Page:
Words – Leow Ju-Len
Pics – Andy Hum
Just how sensitive is your butt dyno? I ask because there’s a 20Nm gain in torque between the Golf GTI Edition 35 and its standard sibling, and it’s only if you’re sitting on the most sensitive of instruments that you’ll be able to tell.
Still, even if you can’t feel a 20Nm increase in peak torque during the drive to work, there’s a 25bhp hike in horsepower to 235bhp and, boy, that makes itself felt.
Put the hammer down in the Edition 35, and here’s the usual lunge towards the horizon that you get from a Golf GTI, but in this car the engine just keeps pulling and pulling without the top-end drop-off, the acceleration staying good and strong all through the six-speed transmission’s rapidfire shifts. It sounds a little wilder, too, with a slightly gruffer soundtrack from the engine, and if you can’t excited by the experience, it’s probably time to consult a mortician.
In theory this is a car that could get you from the border to Kuala Lumpur in 90 minutes, which till recently was bona fide supercar stuff, and though it’s tempting to think of the Edition 35 as a Golf GTI with a steroid jab, it’s actually more closely related to the Golf R. Okay, it doesn’t have that car’s all wheel-drive system, but it shares the Golf R’s engine (albeit with the turbo boost turned down to 0.9bar form 1.2bar – make of that what you will).
Cosmetically, it does get bits from the Golf R as well, like its smoked, LED-illuminated tail-lamps, but it’s also identified by glossy black wing mirrors, smoked rear windows, LED rear licence plate illumination and a unique front bumper. Those slats in the air-scoops aren’t just for show, either, but apparently improve aerodynamic airflow.
In case you’ve forgotten what you’ve bought, the anniversary model is covered in the number 35. It wears ‘35’ emblems on its front wings and door sill plates, and the number is on the upholstery, too. Red stitching adorns everything from the steering wheel to the seatbelts to the handbrake lever, and just about everywhere in between, and then there’s the gear shift grip in the Edition 35, shaped like a golf ball to allude to the classic gear lever of the original Golf GTI. It’ll look chintzy if you’ve no sense of history, but otherwise it provides a literal touchpoint to remind you how this GTI stuff all began.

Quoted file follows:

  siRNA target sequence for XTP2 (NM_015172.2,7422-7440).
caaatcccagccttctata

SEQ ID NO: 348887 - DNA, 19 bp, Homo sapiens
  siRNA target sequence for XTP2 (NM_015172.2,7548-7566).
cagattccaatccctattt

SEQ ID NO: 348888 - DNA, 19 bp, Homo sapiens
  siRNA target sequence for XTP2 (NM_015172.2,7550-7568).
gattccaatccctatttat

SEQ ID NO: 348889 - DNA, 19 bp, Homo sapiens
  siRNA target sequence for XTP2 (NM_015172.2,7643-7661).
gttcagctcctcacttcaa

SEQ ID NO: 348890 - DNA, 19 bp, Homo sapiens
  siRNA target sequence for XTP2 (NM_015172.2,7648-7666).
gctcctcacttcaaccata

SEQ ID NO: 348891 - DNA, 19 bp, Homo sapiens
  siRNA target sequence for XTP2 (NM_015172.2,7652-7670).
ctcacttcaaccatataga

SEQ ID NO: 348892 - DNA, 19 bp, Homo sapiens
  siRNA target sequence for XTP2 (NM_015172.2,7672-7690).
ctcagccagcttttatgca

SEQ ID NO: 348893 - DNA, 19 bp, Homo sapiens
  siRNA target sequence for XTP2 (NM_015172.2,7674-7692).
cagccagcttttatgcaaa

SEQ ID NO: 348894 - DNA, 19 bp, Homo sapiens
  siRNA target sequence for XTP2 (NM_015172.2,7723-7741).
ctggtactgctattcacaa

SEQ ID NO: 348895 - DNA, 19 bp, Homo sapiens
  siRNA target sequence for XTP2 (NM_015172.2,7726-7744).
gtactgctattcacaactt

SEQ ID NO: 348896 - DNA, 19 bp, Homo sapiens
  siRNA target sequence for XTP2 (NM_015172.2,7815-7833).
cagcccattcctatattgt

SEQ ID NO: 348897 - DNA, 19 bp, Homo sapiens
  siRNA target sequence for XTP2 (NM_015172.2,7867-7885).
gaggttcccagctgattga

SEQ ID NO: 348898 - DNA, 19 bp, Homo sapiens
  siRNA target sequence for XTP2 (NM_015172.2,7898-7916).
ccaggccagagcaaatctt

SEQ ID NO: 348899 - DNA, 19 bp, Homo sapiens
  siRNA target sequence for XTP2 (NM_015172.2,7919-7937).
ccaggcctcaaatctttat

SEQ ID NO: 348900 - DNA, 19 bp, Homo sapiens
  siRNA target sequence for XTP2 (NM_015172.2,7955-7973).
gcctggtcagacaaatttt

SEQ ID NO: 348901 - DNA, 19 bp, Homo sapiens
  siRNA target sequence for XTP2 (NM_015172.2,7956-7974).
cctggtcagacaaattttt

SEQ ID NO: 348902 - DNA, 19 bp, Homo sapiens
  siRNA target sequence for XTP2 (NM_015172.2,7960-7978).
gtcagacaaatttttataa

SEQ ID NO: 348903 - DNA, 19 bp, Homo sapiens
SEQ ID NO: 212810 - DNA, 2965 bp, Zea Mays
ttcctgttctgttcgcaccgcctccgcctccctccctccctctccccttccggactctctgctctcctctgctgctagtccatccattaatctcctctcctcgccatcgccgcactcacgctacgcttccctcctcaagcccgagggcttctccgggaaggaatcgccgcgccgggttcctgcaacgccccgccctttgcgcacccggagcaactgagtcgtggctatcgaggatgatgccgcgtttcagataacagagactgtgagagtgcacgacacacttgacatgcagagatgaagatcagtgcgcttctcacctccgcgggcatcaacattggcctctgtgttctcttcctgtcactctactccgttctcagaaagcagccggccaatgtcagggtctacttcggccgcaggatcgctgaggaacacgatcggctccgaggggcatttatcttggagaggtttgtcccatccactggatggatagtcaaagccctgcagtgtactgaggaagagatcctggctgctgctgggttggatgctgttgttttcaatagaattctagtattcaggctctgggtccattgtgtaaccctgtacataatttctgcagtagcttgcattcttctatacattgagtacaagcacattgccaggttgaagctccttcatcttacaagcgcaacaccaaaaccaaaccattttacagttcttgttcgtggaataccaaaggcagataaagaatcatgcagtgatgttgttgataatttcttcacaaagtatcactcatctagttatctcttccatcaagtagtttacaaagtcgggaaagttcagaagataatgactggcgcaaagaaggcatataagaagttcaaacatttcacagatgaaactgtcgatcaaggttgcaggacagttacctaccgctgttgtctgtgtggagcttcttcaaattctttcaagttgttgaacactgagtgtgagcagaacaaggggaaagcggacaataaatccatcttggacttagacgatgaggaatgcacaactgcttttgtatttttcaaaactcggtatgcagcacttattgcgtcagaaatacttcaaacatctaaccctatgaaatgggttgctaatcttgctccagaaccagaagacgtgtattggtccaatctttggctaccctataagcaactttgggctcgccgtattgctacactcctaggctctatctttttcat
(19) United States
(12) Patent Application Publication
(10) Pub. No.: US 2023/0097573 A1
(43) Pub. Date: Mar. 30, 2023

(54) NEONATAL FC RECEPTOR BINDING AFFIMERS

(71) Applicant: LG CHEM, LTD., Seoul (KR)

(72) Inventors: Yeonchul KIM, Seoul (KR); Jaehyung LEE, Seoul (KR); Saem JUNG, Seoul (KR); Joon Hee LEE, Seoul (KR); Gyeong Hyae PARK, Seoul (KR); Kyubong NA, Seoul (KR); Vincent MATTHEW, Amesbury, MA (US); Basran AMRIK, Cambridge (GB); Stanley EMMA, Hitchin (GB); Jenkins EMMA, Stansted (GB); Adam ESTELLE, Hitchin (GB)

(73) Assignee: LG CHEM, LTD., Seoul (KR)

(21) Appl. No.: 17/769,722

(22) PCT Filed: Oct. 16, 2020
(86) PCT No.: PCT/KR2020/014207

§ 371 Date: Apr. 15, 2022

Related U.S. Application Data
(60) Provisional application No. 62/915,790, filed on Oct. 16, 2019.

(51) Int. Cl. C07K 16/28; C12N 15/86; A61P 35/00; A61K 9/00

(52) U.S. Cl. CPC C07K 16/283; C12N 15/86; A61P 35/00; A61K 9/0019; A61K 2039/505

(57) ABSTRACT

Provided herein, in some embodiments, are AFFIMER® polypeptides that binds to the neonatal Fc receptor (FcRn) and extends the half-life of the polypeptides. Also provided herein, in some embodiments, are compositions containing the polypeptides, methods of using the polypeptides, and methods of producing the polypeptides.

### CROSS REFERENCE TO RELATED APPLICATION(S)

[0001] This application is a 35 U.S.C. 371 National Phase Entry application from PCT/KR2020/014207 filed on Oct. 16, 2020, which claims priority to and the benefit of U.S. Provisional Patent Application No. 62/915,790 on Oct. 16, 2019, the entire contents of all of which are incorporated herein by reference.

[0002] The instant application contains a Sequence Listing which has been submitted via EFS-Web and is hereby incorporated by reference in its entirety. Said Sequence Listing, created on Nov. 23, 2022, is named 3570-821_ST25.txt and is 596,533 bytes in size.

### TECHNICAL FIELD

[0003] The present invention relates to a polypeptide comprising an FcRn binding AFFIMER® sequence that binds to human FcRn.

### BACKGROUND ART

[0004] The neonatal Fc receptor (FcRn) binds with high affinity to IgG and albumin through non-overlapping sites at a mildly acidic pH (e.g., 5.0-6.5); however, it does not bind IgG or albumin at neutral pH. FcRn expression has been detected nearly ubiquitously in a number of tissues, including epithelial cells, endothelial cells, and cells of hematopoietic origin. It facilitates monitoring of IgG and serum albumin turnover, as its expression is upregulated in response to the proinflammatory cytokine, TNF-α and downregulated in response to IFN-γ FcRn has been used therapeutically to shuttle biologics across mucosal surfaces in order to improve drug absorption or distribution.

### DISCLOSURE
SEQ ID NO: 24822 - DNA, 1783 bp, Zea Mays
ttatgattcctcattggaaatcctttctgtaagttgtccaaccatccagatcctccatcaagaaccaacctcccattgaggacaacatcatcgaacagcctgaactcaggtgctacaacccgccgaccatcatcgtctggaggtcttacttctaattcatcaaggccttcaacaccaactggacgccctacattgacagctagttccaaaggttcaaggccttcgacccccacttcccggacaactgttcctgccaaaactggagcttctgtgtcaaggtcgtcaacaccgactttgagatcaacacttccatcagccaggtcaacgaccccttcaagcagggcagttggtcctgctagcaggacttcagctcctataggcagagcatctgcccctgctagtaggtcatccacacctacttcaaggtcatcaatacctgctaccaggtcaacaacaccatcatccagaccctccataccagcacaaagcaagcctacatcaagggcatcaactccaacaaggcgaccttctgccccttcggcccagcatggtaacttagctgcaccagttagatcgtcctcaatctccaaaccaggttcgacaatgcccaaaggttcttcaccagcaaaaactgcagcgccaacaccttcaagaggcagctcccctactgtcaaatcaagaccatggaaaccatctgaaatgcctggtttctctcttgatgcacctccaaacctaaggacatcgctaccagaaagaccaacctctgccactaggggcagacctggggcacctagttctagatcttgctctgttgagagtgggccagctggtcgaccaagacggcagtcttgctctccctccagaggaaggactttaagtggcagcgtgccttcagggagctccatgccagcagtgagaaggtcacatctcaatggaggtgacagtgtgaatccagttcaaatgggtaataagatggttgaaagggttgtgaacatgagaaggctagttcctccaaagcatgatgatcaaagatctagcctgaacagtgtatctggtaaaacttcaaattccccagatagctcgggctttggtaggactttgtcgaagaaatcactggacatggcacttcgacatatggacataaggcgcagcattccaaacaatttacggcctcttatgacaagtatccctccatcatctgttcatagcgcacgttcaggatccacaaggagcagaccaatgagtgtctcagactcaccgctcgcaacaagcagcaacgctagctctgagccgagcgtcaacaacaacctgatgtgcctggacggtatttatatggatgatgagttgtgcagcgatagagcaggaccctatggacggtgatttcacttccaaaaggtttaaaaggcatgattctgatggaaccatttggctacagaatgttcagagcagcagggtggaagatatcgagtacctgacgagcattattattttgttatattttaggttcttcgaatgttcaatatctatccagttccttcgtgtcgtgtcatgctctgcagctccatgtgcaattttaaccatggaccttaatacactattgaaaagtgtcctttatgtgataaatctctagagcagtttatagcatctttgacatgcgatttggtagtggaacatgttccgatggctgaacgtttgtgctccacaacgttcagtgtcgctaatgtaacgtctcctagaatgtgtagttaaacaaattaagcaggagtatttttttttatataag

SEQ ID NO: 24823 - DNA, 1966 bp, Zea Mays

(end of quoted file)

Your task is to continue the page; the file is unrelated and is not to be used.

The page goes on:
thought the interior would be overkill, but I ended up liking the sense of occasion it imparted to driving the car, but whatever you think of the styling touches, there’s real substance to the Edition 35. It’s frisky, like a regular GTI, and even when it does run out of grip if you pile into a corner just that little bit too quickly, it’s pretty progressive about the way it breaches the limit of adhesion.
There’s an electronic differential (called ‘XDS’ on the equipment list) that brakes the front wheels individually, to keep the engine’s torque from vapourising any unloaded tyre as you exit corners, but even with that, 235bhp is probably the limit as to how much the chassis can take before the front end devolves into a screeching, torque-steering, slidey mess. The main tradeoff for the car’s easy, confidence-building agility is a seriously jiggly ride, even in the adjustable dampers’ softest setting.
Interestingly, it’s possible to switch off the ESP stability control system completely in this car, which you can’t do in a normal Golf GTI. When do you, it’s possible to have the tail out if you try hard enough, too. So philosophically, at least, the Edition 35 is the GTI for adults – you can turn the electronic nanny off, and if you end up in the scenery it’s your responsibility. I’ll take that as a compliment, actually. If you were keen on a GTI to begin with, getting the Edition 35 is the sort of decision that it doesn’t take brains to make. Or even a sensitive butt dyno.
NEED TO KNOW
Engine 1,984cc, 16V, turbo, in-line 4
Power 235bhp at 5,500rpm
Torque 300Nm at 2,200rpm
Gearbox 6-speed twin-clutch transmission
Top Speed 246kmph
0-100kmh 6.6 seconds
Fuel efficiency 12.5kmph
Review courtesy of CarBuyer